This guy becomes Treasury Secretary, the financial crisis hits, and he has to save the world. Who's going to work constructively with him to keep the credit markets from freezing over, causing tens of millions of people to not get paid because their paycheck is financially downstream from someone who can't get a loan? Not his own Republican Party. It's a gay man from Massachusetts and a liberal woman from San Francisco. So he works with them and discovers that they're actually reasonable people, whereas the House Republicans are totally insane.
So I was interested in reading the Todd Purdum Vanity Fair piece on Paulson. Unfortunately, it wasn't especially rich in juicy details about the most exciting parts of the story -- the parts where Paulson has to get the bailout through Congress. But you get occasional interesting bits like wise old Barney Frank explaining to him how the world works:
There was such outrage among the public at the idea of a bailout for Wall Street—with calls running 60 to 1 against—that on September 29 the House Republicans succeeded in initially defeating the bill. Paulson and administration officials were shocked, though Barney Frank read the situation correctly, as Paulson recalled: “He said, ‘Well, sometimes, you know, kids have got to run away from home and be hungry before they come back.’ ” Four days later, the runaways came home, and a barely revised version of the program passed.He's got a book coming out soon, and maybe there'll be some good stuff in there.
Maybe he donated $100M to the Nature Conservancy like this guy donated to the WWF?
"In 1988, Prince Bernhard and Princess Juliana sold two paintings from their personal collection to raise money for the World Wildlife Fund. The paintings sold for GBP700 000, which was deposited in a Swiss WWF bank account. In 1989, however, Charles de Haes, director-general of the WWF, transferred GBP500 000 back to Bernhard, for what De Haes called a private project. In 1991, newspapers reported what this private project was: Prince Bernhard had hired mercenaries - mostly British - to fight against poachers in nature reserves. The paramilitary group infiltrated organisations profiting from illegal trade in ivory in order to arrest them.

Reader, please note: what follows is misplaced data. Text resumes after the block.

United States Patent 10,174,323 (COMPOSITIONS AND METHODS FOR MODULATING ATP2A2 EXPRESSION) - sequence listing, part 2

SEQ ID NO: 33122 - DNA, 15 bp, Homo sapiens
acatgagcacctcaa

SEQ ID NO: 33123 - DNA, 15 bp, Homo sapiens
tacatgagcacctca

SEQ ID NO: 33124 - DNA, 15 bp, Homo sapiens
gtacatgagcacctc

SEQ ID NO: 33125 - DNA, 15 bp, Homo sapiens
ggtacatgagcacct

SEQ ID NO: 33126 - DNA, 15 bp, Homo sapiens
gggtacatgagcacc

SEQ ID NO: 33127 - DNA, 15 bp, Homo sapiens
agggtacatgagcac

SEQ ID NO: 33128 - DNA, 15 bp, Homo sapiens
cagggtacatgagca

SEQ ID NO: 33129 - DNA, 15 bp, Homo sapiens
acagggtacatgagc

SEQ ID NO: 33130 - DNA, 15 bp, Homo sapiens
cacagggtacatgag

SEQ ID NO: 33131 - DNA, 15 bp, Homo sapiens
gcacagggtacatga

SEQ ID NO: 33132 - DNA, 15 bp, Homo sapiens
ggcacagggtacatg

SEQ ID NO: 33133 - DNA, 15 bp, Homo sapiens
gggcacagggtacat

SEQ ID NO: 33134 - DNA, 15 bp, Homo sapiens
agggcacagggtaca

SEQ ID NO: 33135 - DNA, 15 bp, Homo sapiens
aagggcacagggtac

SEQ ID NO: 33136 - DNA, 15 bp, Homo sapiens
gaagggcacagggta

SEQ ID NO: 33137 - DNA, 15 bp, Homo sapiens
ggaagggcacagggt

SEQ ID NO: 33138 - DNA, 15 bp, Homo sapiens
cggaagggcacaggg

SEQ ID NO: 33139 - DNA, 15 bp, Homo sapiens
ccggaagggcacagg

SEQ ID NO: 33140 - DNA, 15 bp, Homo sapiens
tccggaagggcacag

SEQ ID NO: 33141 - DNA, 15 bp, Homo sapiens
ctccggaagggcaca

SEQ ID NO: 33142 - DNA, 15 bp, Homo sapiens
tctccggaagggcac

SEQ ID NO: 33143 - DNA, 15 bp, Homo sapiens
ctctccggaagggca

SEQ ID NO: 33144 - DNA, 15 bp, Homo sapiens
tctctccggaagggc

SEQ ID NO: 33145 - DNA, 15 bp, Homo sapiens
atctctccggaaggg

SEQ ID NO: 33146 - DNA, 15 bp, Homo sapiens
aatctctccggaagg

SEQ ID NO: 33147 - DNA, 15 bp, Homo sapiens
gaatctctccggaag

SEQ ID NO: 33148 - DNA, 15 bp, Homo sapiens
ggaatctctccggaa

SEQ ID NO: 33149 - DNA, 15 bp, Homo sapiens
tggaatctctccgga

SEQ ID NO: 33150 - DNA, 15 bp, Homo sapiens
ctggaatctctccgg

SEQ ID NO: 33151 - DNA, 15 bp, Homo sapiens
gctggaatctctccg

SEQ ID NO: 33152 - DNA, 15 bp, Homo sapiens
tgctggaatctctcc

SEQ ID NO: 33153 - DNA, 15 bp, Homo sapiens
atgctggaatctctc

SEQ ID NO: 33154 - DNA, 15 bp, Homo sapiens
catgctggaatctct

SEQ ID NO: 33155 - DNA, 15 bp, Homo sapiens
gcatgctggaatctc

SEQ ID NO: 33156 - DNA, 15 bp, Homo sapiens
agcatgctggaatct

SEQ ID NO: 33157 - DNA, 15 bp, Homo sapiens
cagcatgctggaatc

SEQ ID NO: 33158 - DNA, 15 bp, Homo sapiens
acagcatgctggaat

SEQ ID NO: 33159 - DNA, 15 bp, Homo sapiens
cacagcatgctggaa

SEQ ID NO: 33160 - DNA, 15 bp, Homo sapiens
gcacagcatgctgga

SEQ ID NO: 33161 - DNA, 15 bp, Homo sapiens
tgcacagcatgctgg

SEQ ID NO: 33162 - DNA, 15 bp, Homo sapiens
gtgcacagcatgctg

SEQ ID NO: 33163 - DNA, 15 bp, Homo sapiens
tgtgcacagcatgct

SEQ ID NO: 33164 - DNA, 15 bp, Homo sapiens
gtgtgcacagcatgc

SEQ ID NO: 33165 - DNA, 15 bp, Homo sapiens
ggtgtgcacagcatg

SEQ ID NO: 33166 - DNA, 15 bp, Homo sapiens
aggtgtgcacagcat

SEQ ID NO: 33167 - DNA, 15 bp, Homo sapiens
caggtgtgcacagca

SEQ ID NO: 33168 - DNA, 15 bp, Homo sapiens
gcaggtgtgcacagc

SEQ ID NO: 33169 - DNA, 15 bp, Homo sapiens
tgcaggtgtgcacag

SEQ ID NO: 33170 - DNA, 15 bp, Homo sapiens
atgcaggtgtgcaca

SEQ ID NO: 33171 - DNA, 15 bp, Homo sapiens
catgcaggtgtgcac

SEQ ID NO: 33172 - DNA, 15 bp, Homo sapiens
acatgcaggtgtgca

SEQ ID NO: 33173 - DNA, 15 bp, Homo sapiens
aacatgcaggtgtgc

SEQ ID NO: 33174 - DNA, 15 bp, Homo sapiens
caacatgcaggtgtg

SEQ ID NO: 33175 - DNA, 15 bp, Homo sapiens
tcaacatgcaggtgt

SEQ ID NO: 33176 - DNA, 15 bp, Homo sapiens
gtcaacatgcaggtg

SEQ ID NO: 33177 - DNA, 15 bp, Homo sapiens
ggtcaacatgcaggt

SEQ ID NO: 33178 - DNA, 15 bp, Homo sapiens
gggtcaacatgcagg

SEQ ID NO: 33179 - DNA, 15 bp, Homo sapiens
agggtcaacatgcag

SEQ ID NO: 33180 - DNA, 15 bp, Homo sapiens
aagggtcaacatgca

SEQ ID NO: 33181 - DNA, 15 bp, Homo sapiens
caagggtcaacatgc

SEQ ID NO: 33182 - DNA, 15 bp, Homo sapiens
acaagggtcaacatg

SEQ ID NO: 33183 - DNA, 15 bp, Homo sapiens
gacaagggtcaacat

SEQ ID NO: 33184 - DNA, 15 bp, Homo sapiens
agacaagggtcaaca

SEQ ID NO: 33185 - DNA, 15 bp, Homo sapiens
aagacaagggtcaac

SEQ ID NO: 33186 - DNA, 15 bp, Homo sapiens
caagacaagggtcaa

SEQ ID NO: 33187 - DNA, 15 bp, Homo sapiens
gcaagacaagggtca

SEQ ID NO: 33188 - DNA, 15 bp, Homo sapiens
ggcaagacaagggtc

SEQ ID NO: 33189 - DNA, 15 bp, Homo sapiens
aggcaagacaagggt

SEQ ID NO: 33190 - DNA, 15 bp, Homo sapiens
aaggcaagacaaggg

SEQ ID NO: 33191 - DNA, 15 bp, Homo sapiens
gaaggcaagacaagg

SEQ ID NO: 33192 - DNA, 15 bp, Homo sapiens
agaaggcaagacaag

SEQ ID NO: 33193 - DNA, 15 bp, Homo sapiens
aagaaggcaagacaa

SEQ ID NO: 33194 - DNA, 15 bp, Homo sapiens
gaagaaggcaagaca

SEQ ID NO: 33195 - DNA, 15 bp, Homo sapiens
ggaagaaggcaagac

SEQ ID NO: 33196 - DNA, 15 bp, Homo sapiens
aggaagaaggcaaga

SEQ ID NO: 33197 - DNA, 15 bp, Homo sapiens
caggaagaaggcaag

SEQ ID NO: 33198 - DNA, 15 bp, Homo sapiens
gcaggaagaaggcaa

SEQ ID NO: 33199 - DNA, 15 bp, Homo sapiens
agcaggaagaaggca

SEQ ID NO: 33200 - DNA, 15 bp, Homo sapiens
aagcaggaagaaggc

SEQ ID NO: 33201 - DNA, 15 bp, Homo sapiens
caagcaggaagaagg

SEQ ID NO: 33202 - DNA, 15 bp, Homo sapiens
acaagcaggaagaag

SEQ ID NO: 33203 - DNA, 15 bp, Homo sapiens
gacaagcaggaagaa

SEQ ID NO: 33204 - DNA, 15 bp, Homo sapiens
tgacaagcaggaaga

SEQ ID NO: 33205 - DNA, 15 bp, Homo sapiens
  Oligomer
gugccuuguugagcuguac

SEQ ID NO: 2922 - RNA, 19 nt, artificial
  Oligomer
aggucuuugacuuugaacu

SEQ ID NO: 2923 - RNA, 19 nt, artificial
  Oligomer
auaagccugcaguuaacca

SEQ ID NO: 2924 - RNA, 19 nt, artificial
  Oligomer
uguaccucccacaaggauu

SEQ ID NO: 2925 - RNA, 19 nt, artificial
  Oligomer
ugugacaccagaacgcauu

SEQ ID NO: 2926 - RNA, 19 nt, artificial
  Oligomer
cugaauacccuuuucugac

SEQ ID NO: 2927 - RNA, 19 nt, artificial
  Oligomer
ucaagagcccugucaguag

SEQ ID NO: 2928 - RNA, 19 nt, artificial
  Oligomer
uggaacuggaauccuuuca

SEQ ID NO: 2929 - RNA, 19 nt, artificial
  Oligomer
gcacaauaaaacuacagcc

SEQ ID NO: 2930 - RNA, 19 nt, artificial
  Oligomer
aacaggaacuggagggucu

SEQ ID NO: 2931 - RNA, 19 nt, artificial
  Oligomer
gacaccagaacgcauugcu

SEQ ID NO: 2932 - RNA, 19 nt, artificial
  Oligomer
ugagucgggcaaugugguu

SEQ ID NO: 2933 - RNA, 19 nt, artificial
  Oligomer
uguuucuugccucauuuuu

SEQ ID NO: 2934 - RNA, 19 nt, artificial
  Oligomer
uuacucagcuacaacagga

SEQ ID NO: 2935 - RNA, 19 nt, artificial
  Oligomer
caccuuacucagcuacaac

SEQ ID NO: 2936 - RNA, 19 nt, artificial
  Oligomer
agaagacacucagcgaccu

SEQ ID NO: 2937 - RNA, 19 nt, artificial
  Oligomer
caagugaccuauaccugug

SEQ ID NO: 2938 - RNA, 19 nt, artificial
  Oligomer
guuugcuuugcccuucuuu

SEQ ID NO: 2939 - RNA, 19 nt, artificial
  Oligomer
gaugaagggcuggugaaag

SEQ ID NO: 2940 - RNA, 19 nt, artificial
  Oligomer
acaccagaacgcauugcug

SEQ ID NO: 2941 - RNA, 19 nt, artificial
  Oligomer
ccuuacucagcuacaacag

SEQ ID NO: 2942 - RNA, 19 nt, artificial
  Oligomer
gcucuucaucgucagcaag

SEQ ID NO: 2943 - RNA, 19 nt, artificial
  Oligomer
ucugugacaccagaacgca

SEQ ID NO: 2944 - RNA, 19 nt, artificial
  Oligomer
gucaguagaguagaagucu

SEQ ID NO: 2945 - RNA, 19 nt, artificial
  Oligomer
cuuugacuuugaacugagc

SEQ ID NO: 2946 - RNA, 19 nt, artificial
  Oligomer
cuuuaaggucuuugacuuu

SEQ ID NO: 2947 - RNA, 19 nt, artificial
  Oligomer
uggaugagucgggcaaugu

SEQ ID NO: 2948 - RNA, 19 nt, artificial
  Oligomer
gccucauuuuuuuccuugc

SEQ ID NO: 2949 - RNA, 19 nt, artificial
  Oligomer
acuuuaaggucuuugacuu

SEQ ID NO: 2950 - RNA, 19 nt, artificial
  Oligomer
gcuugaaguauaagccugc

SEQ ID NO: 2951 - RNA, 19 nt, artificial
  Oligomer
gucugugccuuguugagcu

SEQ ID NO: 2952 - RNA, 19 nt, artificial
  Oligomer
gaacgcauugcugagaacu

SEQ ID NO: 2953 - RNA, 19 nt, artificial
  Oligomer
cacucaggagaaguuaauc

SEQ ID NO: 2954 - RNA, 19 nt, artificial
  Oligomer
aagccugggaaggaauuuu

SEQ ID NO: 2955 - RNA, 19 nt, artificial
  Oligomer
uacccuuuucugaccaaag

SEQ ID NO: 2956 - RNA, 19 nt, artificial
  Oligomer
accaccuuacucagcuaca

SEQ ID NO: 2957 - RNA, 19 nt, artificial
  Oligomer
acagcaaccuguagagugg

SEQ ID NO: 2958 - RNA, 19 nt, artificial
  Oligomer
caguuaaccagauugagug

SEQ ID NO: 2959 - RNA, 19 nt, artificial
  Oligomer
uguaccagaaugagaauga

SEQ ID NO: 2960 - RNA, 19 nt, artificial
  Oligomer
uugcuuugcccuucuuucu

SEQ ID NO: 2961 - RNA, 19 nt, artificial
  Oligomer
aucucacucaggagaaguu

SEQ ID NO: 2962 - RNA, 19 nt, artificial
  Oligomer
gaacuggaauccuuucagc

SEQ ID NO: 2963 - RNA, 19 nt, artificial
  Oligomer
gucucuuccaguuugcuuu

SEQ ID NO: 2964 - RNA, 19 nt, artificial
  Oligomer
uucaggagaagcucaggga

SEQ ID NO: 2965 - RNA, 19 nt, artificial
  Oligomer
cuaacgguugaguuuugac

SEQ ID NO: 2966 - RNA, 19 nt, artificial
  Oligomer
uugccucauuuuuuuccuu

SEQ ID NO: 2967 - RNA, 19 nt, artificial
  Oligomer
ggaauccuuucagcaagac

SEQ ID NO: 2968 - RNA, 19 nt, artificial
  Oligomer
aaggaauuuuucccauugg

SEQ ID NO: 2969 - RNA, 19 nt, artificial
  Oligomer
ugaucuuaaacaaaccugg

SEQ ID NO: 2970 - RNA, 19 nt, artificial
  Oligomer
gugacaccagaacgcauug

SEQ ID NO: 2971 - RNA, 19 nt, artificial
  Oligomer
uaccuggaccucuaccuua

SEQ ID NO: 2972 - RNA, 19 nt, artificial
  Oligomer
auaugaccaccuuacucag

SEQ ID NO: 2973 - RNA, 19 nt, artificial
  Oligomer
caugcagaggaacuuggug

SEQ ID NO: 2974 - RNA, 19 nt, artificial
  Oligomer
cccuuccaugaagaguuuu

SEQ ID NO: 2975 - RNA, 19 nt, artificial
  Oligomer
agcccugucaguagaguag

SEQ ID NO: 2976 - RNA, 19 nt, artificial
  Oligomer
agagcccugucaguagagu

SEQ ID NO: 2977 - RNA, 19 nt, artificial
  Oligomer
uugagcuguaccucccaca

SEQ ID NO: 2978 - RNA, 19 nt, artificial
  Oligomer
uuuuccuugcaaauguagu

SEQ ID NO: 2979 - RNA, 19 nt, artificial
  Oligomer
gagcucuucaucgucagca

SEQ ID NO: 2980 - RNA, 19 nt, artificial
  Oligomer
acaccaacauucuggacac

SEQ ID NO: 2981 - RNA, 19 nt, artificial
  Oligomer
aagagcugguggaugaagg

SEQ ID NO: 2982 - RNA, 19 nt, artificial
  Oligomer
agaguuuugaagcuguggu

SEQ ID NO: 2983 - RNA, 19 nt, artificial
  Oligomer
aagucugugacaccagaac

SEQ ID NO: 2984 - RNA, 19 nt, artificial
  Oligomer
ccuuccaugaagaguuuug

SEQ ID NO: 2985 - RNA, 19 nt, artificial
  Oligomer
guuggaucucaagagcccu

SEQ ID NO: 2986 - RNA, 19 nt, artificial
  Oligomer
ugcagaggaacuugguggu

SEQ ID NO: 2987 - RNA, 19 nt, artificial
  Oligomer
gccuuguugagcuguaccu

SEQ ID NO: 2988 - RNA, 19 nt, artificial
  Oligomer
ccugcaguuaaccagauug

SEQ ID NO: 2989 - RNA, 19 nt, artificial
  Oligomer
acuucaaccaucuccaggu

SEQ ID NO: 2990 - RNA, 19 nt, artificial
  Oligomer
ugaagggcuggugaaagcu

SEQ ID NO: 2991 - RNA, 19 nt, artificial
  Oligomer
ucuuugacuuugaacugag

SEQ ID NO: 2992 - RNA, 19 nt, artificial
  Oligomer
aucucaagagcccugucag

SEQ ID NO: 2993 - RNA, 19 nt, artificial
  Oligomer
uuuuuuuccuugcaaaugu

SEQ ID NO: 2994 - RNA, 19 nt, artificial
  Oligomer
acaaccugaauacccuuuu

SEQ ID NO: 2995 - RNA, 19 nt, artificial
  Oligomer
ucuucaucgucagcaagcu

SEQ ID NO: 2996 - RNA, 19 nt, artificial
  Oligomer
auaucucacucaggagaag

This 'Project Lock', as it was called, seemed to have backfired enormously, however. The "private army" of Bernhard had not only infiltrated in the illegal trade, they were also participating in it. To make things worse, Irish reporter Kevin Dowling discovered that the South African army was also involved in the trade, hinting at connections between the army of Bernhard and the WWF and the struggle for maintaining apartheid. Moreover, he claimed members of the South African run counterinsurgency unit Koevoet (Afrikaans/Dutch for "crowbar"), were trained under Project Lock.
In 1995, Nelson Mandela called upon the Kumleben Commission to investigate, among other things, the role of the WWF in apartheid South Africa. In the report that followed, it was suggested that mercenaries from Project Lock had planned assassinations of ANC members and that mercenaries had been running training camps in the wildlife reserves, training fighters from the anti-communist groups UNITA and Renamo. Although Prince Bernhard was never accused of any crime in its context, the Project Lock scandal dealt another damaging blow to the Prince's name."
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